Denton County ramps up vaccine distribution, but supply remains limited

Tens of thousands of people were vaccinated at Denton County's vaccine drive-thru clinic in early February at Texas Motor Speedway in Fort Worth. (Courtesy Texas Motor Speedway)
Tens of thousands of people were vaccinated at Denton County's vaccine drive-thru clinic in early February at Texas Motor Speedway in Fort Worth. (Courtesy Texas Motor Speedway)

Tens of thousands of people were vaccinated at Denton County's vaccine drive-thru clinic in early February at Texas Motor Speedway in Fort Worth. (Courtesy Texas Motor Speedway)

Tens of thousands of Denton County residents have received doses of COVID-19 vaccines in recent weeks, but more than 200,000 people remained on Denton County’s waitlist as of Feb. 11.

As health officials worked to administer a limited supply of the vaccine to the area’s most vulnerable, officials have confirmed an even more infectious strain of the coronavirus that originated in the United Kingdom has been identified within the county, Director of Public Health Matt Richardson told commissioners Feb. 9.

The existence of this U.K. variant and other quick-spreading strains makes an effective vaccination effort even more urgent, Richardson said.

“We have to redouble our efforts on prevention, and we have to keep up the great work on vaccination and get to herd immunity as soon as we can,” Richardson said.

The mass drive-thru clinics at Texas Motor Speedway in Fort Worth this month were part of an effort by Denton County’s public health department to significantly scale up its weekly administration of vaccines.


“The ability to vaccinate 10,000 individuals in one day is a monumental task,” Richardson said in a statement. As of Feb. 11, only people in the state’s priority groups were allowed to sign up for the county’s waitlist. Groups currently eligible for the vaccine include health care workers, residents of long-term care facilities, people age 65 or older and people age 16 or older with certain chronic medical conditions.

State officials still must decide which groups will come next on the eligibility list for the vaccine.

Vaccines in schools

With the county’s vaccination campaign underway, other major institutions are weighing options to help administer the vaccine.

In Lewisville ISD schools, the pandemic has created staff disruptions and prompted district officials to inquire about obtaining vaccine doses for its employees.

Superintendent Kevin Rogers said Feb. 8 that LISD has started to look into the possibility of vaccinating its teachers and staffers when the state expands the pool of eligible recipients.

“My promise to the staff is we’re doing everything we can to try to expedite that system,” Rogers said.

However, teachers are not yet eligible to receive a dose from the state’s limited vaccine supply unless they qualify under current criteria.

Rogers’ remarks were part of a presentation to trustees that painted a clearer picture of how the pandemic has interfered with some of the district’s in-person instruction efforts.

Since early September, district staff members have been placed under quarantine more than 1,200 times, Rogers said. While staff members do not have to test positive for the virus in order to be placed under quarantine, the district can require them to do so as a precaution if they may have been exposed.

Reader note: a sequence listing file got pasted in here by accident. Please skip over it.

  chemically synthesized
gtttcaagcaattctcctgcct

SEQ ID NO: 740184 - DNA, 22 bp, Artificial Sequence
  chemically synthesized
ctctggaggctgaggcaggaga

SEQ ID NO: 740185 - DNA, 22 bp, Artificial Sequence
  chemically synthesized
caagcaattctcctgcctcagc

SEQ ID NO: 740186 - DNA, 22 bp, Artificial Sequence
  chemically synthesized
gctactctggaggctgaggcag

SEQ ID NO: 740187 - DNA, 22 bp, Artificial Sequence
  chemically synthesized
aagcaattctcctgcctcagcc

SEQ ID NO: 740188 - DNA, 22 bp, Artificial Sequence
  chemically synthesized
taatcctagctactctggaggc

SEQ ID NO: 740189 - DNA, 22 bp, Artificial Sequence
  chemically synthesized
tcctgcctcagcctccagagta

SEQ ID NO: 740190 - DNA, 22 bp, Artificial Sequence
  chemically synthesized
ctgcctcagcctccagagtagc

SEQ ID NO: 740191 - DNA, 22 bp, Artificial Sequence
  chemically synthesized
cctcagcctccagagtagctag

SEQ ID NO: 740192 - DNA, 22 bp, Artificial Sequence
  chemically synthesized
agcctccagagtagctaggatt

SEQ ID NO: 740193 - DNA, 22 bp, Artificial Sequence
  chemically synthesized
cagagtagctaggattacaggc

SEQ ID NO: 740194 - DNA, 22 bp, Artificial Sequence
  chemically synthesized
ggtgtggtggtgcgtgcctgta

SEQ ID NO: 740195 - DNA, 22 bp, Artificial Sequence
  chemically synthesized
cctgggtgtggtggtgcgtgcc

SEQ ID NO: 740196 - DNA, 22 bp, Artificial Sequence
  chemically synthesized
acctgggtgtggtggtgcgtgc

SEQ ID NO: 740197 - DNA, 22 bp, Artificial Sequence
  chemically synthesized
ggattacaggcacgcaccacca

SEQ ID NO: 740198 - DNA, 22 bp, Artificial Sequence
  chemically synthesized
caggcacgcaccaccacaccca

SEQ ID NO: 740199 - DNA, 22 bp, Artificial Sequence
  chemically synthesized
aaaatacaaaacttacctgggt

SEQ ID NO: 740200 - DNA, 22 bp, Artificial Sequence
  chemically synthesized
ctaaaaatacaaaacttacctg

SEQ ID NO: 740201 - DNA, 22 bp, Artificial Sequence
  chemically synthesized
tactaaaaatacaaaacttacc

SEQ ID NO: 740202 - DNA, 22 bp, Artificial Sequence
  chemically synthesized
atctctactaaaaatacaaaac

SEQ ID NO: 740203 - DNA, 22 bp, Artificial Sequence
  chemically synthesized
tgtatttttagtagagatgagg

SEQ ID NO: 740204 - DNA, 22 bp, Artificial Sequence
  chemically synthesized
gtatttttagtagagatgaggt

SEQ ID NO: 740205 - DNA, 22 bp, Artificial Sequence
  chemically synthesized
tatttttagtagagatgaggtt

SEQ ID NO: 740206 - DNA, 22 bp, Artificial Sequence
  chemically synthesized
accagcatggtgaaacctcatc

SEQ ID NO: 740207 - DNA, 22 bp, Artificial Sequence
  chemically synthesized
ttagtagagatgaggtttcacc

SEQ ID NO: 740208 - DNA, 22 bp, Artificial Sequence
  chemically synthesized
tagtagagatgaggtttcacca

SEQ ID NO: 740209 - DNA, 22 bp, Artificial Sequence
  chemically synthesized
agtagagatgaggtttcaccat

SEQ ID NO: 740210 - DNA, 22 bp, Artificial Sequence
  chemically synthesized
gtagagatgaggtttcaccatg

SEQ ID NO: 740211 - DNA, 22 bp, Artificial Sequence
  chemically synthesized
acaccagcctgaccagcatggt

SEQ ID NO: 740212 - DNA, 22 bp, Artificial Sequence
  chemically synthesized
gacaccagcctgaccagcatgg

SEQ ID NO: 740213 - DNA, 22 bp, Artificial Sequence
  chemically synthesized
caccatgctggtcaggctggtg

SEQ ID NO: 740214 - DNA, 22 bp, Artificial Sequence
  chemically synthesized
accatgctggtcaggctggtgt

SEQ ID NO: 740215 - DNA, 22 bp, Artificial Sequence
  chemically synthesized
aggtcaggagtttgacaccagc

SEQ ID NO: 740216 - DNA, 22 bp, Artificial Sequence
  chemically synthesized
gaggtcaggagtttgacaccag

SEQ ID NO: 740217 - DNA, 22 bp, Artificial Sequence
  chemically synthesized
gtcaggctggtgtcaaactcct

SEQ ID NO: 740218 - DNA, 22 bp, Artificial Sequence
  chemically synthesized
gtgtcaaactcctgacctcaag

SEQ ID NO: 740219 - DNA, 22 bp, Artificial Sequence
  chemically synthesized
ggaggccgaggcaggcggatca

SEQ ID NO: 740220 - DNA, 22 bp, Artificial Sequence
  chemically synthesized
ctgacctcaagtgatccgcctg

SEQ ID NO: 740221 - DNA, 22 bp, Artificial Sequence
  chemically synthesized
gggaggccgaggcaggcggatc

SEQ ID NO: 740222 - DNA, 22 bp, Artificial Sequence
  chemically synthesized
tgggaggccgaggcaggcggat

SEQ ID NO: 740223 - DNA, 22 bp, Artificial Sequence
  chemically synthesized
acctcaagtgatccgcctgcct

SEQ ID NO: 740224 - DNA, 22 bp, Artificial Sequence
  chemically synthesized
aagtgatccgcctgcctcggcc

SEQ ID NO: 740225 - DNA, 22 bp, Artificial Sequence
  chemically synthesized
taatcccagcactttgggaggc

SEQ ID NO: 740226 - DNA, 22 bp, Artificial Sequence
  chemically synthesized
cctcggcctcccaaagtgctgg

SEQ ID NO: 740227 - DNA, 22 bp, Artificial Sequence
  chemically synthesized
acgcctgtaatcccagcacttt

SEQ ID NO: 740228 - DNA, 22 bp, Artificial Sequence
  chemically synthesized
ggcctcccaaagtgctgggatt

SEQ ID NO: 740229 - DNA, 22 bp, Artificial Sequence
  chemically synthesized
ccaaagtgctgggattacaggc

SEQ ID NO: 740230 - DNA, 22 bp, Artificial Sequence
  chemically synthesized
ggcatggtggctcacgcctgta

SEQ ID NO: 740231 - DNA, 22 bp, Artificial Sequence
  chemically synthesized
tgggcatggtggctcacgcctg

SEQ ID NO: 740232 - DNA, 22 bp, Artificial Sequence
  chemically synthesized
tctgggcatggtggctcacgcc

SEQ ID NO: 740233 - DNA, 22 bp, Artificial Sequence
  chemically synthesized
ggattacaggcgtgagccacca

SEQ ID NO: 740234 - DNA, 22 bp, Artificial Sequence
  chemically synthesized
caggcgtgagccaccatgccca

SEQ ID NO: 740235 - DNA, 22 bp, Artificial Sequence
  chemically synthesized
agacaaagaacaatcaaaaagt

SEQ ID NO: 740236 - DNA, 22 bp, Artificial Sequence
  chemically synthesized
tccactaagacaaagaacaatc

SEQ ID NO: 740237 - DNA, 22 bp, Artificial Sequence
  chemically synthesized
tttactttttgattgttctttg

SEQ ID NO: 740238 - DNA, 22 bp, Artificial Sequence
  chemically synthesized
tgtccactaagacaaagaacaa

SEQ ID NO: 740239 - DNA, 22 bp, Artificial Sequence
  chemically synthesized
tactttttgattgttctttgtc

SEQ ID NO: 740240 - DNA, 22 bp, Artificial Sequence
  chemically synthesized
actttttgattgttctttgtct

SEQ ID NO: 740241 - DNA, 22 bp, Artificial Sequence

Two dozen employees have resigned because of the pandemic, and more than 100 are working remotely because of a medical condition, he said.

Substitute teacher fill rates are also down year over year, from 86% in the previous school year to 73% in 2020-21, Rogers said.

However, before institutions such as LISD can vaccinate their employees, the state must work through vaccinating those people in the highest-risk groups.

A slow start

Denton County got off to one of the slowest starts of any highly populated Texas community with its vaccination effort, but the county’s clinics have expanded in recent weeks.

Heading into the first Texas Motor Speedway clinic, Denton County residents had received roughly five vaccine doses per 100 people age 16 and older, according to data from the Texas Department of State Health Services. These numbers include first doses and second doses of the vaccine.

However, after a couple weeks at the Texas Motor Speedway clinics, that number jumped to nearly nine doses per 100 people on Feb. 10. This pace ranked Denton County 215th among Texas’ 254 counties and last among the 36 counties in the state that have at least 100,000 residents age 16 or older.

Richardson acknowledged the need for a quicker pace in a conversation with county commissioners at the end of January. He said the county had success with the efficiency of its early drive-thru clinics and that he expected they would be able to scale them up effectively as the county receives larger batches of vaccines from the state.

“We’re not where we want to be, but it’s getting better,” Richardson told county commissioners at the time.

Providers are not required to administer vaccines to people within the county. Even Denton County’s largest vaccination hub, run by its public health department, has had to keep its waitlist open to residents from outside the county as well. Roughly one in five vaccines administered by the county health department have gone to people who live outside Denton County, County Judge Andy Eads said Feb. 9.

The county is expected to continue to hold its clinics at Texas Motor Speedway for the foreseeable future, county spokesperson Dawn Cobb said. The county is seeking volunteers with medical and non-medical backgrounds to help administer the vaccine. Signups are available on the county website.